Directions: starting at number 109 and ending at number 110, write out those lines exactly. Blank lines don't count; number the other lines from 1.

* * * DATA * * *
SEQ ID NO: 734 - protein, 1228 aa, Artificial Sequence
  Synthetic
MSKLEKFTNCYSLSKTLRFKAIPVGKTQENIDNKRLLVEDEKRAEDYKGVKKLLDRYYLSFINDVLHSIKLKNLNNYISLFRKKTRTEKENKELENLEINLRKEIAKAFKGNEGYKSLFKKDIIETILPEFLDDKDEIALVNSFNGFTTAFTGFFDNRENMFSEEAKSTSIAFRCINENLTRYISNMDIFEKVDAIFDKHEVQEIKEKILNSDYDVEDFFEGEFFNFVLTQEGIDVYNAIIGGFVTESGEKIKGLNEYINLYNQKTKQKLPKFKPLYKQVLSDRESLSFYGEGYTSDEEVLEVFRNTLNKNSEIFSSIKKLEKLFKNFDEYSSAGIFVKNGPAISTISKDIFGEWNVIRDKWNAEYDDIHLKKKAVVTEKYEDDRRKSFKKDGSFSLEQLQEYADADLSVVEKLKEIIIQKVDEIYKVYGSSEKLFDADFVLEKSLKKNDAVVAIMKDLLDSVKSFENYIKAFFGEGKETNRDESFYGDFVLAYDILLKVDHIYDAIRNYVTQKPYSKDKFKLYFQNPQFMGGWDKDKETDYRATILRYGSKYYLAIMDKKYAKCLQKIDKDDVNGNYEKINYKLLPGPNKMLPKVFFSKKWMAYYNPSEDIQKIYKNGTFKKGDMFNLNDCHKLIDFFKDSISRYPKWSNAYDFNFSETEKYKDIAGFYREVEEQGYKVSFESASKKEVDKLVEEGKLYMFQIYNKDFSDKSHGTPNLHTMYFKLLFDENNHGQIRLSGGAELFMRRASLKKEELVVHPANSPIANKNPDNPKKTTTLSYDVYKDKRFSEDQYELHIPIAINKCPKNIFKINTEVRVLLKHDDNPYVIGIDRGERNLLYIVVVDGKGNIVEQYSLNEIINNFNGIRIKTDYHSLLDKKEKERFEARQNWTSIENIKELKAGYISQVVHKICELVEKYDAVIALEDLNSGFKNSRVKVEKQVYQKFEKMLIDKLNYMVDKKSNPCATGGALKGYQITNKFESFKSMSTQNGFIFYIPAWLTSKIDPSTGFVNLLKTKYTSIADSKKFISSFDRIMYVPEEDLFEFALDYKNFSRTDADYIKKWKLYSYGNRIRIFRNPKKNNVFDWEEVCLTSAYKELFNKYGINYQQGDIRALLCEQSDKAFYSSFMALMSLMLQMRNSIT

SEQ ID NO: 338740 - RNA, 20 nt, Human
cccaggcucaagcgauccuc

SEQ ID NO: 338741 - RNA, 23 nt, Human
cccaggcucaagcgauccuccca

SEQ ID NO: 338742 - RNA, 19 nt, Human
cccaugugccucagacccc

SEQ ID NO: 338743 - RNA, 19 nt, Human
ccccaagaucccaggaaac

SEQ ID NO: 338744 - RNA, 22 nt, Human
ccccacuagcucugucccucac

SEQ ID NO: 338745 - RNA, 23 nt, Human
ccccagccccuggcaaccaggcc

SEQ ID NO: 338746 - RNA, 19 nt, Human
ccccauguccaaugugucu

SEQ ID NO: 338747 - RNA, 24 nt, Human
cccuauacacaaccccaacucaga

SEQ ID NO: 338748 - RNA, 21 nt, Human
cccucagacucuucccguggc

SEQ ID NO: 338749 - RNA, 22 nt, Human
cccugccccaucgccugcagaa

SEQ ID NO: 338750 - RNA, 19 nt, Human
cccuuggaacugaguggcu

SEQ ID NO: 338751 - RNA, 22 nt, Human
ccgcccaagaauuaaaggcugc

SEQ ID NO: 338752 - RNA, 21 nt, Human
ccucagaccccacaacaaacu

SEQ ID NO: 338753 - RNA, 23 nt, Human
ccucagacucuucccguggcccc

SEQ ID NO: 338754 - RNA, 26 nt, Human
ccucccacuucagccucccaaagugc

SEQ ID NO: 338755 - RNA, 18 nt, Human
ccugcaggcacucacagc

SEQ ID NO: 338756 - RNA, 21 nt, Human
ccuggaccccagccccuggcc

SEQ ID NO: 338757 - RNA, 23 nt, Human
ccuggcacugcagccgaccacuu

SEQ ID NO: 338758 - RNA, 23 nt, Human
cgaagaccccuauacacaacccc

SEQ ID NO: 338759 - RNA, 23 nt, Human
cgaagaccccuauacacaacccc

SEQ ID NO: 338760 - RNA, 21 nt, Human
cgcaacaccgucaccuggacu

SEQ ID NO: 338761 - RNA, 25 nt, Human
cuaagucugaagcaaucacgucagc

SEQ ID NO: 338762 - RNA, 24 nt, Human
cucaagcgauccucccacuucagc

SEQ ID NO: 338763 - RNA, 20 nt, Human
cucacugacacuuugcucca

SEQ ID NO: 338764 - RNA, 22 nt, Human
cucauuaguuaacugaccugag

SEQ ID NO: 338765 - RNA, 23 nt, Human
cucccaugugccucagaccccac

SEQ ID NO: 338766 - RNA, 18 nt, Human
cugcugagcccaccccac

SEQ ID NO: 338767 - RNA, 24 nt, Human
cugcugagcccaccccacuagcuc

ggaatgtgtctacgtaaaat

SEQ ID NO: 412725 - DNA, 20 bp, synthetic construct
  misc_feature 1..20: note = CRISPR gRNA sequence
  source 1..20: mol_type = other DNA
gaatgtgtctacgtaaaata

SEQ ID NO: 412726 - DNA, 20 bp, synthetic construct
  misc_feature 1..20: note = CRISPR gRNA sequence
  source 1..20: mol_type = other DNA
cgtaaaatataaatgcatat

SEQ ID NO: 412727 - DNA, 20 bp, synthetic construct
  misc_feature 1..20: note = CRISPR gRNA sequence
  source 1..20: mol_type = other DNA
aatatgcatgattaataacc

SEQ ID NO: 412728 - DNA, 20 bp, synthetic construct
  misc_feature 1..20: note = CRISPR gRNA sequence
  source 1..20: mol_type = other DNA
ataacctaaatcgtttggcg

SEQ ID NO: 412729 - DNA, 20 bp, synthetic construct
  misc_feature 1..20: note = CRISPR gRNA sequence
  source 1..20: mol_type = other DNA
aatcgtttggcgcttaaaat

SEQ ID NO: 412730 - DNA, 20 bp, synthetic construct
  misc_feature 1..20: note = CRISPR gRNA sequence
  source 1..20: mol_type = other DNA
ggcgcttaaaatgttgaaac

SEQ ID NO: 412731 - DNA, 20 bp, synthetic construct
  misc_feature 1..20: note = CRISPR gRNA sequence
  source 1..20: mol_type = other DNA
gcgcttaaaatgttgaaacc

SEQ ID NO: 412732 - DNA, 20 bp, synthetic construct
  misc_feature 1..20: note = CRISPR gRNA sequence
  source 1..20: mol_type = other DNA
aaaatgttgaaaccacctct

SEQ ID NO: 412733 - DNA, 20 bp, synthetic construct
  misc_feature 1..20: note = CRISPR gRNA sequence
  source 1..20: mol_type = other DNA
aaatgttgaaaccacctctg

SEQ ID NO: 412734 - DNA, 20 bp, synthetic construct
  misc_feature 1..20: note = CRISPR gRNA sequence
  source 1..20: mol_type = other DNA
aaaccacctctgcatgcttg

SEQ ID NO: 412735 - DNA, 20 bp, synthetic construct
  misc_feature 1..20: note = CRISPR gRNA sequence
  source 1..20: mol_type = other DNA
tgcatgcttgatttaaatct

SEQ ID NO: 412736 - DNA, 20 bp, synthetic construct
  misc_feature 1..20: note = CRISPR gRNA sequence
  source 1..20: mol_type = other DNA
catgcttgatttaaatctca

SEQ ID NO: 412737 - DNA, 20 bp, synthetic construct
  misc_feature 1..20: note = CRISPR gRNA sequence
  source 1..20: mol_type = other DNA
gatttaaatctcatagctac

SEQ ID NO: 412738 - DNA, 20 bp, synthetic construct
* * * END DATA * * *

SEQ ID NO: 412737 - DNA, 20 bp, synthetic construct
  misc_feature 1..20: note = CRISPR gRNA sequence